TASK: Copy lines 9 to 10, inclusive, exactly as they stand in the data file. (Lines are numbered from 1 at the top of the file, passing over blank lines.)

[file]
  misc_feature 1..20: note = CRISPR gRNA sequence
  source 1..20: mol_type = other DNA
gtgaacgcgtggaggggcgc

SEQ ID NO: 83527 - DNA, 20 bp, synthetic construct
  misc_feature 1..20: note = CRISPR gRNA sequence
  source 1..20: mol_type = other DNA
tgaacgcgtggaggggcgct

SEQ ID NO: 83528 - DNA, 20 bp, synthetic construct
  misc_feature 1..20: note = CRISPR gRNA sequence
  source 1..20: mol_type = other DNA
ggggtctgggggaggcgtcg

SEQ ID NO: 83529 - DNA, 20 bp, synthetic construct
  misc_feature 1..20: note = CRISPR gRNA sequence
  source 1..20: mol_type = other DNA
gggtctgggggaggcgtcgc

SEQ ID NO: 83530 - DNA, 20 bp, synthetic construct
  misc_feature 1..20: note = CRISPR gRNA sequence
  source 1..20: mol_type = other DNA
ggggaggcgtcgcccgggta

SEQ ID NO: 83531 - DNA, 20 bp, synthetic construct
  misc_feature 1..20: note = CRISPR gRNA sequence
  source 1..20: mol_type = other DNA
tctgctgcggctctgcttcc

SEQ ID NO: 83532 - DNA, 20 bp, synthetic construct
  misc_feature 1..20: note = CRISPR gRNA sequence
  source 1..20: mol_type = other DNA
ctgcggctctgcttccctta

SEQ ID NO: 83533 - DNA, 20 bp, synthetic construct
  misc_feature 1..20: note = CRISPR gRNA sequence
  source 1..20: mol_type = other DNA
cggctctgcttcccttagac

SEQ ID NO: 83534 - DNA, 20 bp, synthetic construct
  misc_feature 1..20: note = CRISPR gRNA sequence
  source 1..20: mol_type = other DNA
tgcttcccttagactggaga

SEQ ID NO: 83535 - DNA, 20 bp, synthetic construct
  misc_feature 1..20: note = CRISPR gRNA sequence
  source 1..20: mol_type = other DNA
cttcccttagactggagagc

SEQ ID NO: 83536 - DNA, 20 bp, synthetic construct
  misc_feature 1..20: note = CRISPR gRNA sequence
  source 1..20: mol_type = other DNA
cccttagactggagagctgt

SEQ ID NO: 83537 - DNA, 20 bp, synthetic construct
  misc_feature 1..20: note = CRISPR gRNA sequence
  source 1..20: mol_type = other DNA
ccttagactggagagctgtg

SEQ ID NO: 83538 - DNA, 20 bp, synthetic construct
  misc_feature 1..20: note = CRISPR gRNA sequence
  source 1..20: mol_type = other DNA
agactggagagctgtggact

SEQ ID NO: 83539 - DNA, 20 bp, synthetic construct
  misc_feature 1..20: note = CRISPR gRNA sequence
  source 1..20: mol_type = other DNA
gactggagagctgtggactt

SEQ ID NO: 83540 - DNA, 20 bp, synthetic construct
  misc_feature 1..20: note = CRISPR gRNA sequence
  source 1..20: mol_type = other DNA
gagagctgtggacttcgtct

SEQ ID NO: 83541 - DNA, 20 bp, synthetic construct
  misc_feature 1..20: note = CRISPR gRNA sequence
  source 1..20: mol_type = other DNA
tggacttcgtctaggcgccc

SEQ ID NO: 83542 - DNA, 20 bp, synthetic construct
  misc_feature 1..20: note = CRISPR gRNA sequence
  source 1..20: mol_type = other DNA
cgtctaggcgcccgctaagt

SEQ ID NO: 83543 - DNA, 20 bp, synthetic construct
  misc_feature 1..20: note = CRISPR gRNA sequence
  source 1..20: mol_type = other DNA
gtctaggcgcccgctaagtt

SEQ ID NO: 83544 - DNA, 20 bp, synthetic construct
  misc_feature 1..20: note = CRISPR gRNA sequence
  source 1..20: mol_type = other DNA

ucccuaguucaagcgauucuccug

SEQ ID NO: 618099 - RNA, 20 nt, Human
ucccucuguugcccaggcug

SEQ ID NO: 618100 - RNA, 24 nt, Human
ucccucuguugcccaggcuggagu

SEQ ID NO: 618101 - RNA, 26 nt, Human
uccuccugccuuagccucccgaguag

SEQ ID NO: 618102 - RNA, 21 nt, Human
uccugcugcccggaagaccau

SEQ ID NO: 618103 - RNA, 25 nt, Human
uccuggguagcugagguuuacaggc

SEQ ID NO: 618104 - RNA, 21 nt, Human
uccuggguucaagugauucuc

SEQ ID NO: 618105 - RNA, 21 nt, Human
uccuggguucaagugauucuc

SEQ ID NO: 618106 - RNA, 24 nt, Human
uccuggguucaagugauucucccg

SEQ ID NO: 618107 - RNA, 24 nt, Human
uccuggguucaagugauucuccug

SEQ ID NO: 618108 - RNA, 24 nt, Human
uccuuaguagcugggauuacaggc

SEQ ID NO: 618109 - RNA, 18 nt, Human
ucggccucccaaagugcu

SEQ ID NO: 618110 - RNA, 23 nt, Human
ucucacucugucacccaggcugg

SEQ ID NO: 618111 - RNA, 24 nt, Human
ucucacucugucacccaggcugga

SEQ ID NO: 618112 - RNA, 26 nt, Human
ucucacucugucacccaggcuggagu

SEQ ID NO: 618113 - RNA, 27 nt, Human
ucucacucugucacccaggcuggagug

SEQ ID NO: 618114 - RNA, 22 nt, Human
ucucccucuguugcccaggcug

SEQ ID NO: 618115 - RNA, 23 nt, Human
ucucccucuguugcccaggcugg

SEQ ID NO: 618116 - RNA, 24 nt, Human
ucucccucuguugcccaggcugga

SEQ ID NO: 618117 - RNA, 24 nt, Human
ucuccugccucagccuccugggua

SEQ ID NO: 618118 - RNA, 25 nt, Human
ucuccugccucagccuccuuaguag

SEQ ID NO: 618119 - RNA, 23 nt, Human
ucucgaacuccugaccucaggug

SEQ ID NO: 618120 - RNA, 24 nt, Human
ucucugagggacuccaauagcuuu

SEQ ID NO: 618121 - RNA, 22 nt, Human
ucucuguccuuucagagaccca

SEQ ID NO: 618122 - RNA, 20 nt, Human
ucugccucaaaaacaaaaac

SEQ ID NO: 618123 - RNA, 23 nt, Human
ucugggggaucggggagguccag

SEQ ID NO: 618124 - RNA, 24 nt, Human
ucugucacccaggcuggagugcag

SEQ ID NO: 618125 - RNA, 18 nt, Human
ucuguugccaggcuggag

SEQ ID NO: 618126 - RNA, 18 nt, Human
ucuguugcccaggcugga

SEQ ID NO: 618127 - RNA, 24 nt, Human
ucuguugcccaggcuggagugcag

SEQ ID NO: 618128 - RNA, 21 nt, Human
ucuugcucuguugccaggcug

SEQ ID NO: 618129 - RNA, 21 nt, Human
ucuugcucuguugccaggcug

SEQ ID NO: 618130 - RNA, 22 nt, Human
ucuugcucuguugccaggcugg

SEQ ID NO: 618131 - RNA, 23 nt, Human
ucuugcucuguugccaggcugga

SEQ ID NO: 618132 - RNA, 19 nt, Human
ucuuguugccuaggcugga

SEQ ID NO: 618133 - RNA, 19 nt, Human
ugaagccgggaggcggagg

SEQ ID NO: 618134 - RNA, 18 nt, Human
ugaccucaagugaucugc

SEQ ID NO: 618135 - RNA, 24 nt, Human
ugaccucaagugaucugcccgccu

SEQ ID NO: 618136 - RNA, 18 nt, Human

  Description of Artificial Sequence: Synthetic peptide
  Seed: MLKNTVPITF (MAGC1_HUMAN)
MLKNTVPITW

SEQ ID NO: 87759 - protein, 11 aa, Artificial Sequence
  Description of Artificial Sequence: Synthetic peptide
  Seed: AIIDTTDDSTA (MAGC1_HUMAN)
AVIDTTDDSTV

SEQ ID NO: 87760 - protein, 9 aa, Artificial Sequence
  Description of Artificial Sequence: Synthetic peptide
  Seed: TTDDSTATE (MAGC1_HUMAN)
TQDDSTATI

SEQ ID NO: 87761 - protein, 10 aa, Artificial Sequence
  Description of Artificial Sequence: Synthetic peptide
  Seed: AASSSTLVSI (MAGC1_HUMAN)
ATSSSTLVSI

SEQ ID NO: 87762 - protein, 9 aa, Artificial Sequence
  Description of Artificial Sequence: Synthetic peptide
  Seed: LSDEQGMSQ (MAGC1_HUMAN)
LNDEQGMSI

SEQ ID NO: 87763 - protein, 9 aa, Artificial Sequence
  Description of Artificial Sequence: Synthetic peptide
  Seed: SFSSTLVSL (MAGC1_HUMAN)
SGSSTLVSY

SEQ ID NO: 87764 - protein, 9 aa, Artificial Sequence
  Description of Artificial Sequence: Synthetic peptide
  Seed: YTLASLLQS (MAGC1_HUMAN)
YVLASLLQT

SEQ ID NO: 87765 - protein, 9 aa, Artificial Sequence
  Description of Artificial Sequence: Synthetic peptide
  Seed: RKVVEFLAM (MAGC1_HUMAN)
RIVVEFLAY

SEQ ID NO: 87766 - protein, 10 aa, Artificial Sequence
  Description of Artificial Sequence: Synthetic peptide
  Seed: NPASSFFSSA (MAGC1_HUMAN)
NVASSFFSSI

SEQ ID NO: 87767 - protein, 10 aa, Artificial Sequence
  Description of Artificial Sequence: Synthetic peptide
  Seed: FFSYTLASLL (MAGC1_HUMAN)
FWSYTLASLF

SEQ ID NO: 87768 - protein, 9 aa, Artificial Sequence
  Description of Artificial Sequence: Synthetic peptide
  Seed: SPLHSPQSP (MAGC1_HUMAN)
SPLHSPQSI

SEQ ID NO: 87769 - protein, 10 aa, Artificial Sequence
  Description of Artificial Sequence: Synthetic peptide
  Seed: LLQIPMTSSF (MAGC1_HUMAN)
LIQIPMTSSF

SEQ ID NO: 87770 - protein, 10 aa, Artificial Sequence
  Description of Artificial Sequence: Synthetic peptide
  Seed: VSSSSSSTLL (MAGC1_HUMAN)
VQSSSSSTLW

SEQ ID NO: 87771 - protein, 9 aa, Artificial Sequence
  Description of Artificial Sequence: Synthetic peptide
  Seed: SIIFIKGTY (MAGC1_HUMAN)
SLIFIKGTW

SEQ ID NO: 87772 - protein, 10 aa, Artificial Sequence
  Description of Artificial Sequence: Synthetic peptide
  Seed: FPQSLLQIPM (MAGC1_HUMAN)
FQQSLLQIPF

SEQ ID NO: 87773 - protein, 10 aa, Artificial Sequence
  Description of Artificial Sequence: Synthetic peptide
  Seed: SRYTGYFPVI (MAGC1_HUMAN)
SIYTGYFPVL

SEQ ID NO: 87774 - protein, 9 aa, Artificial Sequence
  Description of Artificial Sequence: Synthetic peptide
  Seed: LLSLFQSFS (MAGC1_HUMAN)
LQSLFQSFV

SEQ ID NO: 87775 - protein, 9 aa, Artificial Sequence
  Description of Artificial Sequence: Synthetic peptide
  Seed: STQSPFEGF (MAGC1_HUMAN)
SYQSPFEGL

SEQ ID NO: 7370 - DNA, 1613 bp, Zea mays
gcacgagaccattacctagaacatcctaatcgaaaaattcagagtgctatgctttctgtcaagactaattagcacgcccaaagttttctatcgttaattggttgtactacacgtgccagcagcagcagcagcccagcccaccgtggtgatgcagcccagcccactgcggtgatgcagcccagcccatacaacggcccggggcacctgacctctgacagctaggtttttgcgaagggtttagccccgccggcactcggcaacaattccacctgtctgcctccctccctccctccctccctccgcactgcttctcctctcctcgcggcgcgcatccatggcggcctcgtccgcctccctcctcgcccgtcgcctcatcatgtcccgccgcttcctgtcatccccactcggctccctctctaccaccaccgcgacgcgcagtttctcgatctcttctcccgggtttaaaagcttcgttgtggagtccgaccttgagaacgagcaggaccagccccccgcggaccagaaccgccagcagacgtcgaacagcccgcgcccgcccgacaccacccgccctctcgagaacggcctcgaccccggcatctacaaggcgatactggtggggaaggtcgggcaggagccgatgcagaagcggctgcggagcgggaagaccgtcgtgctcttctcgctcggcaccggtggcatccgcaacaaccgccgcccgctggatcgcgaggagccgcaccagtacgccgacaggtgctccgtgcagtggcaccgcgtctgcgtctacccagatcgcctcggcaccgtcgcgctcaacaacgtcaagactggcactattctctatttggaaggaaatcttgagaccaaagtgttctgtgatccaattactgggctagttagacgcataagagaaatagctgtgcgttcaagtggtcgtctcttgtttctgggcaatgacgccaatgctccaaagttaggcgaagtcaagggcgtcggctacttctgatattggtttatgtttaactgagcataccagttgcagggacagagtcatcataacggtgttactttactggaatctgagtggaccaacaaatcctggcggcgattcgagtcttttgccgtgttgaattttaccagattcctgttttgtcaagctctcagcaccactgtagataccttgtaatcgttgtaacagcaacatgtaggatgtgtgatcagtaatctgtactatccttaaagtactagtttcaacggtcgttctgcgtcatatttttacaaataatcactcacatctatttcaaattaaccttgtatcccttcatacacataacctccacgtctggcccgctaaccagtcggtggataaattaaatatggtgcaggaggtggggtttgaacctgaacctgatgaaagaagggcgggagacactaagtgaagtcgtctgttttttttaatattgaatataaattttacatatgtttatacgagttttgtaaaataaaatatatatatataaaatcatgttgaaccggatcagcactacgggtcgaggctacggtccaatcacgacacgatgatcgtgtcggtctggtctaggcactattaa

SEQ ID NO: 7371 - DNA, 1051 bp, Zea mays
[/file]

  misc_feature 1..20: note = CRISPR gRNA sequence
  source 1..20: mol_type = other DNA